The Port Authority’s executive director testified Monday that he was not aware of any purported traffic study that Gov. Chris Christie’s top pick at the agency claimed was to blame for the controversial closure of access lanes from Fort Lee to the George Washington Bridge in September.
Port Authority Executive Director Patrick Foye, an appointee of New York Gov. Andrew Cuomo, told members of the Assembly’s transportation committee that the lane closures were ordered by Christie ally David Wildstein, who resigned last week over the closures.
Some have speculated that the lane closures were politically motivated and aimed at punishing Fort Lee Mayor Mark Sokolich for not backing Christie’s re-election bid.
Foye said he would have fired Wildstein for ordering the lane closures, but couldn’t because he worked under Christie’s appointee, Deputy Executive Director Bill Baroni. Wildstein is set to keep being paid his $150,000 annual salary through the end of the year, the Wall Street Journal reported.
Baroni has testified the decision to close two of three access lanes from Fort Lee was part of a traffic study.
Assembly Deputy Speaker John Wisniewski, chairman of the transportation committee, called for Baroni to step down from the bi-state agency.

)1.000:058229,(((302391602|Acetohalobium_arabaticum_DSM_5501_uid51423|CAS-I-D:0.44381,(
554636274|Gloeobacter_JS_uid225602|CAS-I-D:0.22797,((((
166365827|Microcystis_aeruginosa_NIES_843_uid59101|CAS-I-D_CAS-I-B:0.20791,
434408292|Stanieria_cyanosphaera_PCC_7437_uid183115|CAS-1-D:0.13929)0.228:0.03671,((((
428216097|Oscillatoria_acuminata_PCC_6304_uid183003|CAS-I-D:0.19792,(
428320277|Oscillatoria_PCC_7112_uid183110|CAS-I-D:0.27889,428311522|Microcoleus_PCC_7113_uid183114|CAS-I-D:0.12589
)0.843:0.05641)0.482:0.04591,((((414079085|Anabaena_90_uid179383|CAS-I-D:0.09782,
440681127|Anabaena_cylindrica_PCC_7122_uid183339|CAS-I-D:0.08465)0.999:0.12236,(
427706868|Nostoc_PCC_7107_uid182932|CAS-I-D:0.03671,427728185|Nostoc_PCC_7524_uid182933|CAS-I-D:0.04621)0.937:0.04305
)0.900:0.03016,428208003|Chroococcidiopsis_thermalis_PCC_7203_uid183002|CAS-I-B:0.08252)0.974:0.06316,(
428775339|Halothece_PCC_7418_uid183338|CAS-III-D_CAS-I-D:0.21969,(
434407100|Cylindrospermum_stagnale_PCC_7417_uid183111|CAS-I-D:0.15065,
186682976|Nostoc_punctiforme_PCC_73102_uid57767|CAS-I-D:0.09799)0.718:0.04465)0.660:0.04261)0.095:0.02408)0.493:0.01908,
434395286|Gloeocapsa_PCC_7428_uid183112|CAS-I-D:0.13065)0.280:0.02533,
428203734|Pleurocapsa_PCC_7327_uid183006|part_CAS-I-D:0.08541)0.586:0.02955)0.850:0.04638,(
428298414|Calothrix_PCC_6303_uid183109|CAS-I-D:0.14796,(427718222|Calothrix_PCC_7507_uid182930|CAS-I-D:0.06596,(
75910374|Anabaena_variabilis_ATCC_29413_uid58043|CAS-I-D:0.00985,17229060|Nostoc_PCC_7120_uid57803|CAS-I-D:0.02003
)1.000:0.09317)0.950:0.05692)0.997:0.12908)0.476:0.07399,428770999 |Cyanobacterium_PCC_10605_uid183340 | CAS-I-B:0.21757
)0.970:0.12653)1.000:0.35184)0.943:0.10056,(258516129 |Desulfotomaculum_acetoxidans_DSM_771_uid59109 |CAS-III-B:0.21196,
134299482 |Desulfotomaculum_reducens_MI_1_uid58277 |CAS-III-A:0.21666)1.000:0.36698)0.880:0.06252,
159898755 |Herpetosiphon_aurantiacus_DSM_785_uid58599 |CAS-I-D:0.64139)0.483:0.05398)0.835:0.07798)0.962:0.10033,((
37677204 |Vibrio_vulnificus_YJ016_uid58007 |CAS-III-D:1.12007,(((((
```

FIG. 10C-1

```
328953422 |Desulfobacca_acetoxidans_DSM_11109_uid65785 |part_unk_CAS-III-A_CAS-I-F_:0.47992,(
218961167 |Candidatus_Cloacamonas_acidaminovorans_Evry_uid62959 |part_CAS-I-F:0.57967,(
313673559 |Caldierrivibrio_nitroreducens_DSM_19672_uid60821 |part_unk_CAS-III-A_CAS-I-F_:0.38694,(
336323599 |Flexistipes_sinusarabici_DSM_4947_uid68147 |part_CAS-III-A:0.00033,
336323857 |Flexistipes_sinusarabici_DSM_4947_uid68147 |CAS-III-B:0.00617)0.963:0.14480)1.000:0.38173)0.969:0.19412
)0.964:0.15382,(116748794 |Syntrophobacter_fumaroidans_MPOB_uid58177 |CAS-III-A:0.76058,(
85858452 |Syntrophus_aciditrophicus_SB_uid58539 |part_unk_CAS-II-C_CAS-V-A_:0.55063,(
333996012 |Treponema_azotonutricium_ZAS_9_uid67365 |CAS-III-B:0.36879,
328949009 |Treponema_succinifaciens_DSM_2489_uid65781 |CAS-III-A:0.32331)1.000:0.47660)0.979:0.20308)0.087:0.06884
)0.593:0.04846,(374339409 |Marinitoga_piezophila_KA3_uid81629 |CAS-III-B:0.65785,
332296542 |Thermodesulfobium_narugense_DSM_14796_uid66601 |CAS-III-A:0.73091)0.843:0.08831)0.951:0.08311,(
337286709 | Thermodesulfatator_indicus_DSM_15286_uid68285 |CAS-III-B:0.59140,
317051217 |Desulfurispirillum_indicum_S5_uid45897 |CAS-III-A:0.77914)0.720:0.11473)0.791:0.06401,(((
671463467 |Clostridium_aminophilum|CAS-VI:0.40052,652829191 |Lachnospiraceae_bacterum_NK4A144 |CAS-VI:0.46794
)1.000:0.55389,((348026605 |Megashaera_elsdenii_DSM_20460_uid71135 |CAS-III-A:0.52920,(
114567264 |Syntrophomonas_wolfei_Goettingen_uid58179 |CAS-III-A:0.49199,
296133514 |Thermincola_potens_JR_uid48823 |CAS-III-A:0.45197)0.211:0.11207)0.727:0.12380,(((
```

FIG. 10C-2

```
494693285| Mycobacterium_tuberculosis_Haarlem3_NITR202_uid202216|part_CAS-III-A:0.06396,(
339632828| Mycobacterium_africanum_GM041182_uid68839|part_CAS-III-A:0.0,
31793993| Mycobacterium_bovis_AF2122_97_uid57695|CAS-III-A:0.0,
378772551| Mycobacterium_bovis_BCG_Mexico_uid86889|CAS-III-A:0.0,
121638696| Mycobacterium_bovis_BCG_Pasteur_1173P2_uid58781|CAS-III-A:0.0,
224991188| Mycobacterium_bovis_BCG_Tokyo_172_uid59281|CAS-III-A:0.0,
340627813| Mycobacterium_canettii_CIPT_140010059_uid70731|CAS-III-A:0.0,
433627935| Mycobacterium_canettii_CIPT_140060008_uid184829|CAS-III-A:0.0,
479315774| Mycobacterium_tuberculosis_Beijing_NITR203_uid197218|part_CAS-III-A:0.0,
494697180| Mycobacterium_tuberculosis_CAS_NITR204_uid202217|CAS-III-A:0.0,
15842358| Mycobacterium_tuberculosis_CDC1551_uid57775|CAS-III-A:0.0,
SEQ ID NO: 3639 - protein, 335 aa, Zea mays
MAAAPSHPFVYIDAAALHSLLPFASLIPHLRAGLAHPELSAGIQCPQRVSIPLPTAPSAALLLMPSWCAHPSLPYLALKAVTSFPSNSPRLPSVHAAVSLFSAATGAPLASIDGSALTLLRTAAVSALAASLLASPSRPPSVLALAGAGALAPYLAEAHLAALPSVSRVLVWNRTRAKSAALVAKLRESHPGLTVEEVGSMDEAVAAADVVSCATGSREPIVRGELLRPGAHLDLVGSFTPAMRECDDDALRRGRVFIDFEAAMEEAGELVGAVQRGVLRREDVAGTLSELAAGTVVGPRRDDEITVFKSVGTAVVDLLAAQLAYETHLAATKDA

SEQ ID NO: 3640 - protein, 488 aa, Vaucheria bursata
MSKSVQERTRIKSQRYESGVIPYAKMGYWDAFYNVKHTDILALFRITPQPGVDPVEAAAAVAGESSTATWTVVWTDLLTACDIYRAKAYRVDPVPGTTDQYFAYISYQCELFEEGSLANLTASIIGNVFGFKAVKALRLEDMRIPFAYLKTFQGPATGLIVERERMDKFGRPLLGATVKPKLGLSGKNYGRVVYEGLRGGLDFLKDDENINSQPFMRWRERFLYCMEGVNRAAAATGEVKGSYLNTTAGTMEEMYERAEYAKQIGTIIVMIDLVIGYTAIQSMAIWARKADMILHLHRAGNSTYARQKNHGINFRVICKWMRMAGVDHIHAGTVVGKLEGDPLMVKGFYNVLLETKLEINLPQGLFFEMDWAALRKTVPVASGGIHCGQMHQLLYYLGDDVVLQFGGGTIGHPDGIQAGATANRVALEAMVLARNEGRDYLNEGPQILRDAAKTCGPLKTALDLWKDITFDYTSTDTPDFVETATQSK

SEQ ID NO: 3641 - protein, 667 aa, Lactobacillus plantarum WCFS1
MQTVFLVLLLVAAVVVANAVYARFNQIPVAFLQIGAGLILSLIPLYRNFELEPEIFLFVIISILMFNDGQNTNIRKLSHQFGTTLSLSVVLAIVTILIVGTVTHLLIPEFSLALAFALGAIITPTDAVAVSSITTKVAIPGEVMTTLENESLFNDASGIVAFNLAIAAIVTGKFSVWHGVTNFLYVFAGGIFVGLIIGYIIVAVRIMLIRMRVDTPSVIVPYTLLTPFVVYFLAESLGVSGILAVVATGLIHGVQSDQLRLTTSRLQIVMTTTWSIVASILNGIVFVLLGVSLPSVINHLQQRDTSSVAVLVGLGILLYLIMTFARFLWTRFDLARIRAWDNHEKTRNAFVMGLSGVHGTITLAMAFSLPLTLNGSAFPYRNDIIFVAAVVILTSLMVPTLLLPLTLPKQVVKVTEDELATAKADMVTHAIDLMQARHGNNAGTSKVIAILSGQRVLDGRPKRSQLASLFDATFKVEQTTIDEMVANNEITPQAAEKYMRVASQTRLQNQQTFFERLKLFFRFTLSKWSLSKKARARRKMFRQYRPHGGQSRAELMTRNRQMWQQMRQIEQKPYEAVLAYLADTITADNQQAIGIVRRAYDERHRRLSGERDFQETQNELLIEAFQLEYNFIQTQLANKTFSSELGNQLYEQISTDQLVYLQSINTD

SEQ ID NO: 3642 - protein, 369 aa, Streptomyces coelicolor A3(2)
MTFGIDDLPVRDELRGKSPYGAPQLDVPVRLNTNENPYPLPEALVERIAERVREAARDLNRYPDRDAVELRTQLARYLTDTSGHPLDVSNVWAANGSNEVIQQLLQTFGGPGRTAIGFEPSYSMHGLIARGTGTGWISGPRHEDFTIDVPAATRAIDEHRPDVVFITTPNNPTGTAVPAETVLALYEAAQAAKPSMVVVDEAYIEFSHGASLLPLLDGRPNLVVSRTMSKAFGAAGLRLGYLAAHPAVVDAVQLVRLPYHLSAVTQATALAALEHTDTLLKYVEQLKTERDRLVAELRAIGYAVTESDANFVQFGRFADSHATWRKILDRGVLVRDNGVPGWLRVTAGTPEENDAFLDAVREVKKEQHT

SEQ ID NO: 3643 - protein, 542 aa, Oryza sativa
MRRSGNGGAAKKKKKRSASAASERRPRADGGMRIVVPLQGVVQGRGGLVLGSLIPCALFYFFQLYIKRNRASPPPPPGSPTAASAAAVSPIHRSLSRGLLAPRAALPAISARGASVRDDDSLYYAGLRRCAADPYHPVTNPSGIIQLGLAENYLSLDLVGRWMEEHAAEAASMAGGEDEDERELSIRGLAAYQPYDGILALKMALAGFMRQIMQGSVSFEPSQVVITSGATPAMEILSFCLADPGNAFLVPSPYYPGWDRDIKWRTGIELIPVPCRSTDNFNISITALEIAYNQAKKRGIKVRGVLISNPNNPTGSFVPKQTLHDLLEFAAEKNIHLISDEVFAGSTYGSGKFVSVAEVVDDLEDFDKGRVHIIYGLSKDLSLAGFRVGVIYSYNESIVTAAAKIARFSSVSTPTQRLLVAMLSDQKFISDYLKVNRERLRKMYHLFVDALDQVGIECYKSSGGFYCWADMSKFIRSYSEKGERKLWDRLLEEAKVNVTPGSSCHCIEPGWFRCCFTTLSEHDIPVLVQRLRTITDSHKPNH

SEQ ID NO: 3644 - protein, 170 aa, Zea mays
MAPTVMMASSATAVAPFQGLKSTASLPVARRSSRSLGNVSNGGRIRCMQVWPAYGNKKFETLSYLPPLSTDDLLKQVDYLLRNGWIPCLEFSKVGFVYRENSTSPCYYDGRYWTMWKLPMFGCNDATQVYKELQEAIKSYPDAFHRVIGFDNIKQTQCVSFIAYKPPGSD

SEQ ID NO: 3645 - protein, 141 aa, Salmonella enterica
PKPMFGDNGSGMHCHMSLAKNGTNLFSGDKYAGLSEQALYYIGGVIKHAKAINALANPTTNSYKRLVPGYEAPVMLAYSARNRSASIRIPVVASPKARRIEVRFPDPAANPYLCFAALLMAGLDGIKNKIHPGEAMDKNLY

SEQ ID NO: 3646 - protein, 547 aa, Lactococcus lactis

“Bill Baroni has outlived his usefulness as the Port Authority’s deputy director. The testimony showed that Mr. Baroni has not been honest with the public and this committee about these lane closures and his mythical traffic study,” Wisniewski said in a statement. “Mr. Baroni must go. No one can have any confidence in his abilities.”
In a statement, Englewood Assemblyman Gordon Johnson questioned what role Baroni had in the decision to change the traffic pattern.
”It is extremely hard to conceive that only Mr. Wildstein is the only one to blame for this and that his superior, Mr. Baroni, had absolutely no part in this decision,” Johnson said.
George Washington Bridge managers testified that Wildstein told them not to tell anyone about the lane closures, which snarled traffic in Fort Lee before Foye sent a heated email demanding the lanes be reopened.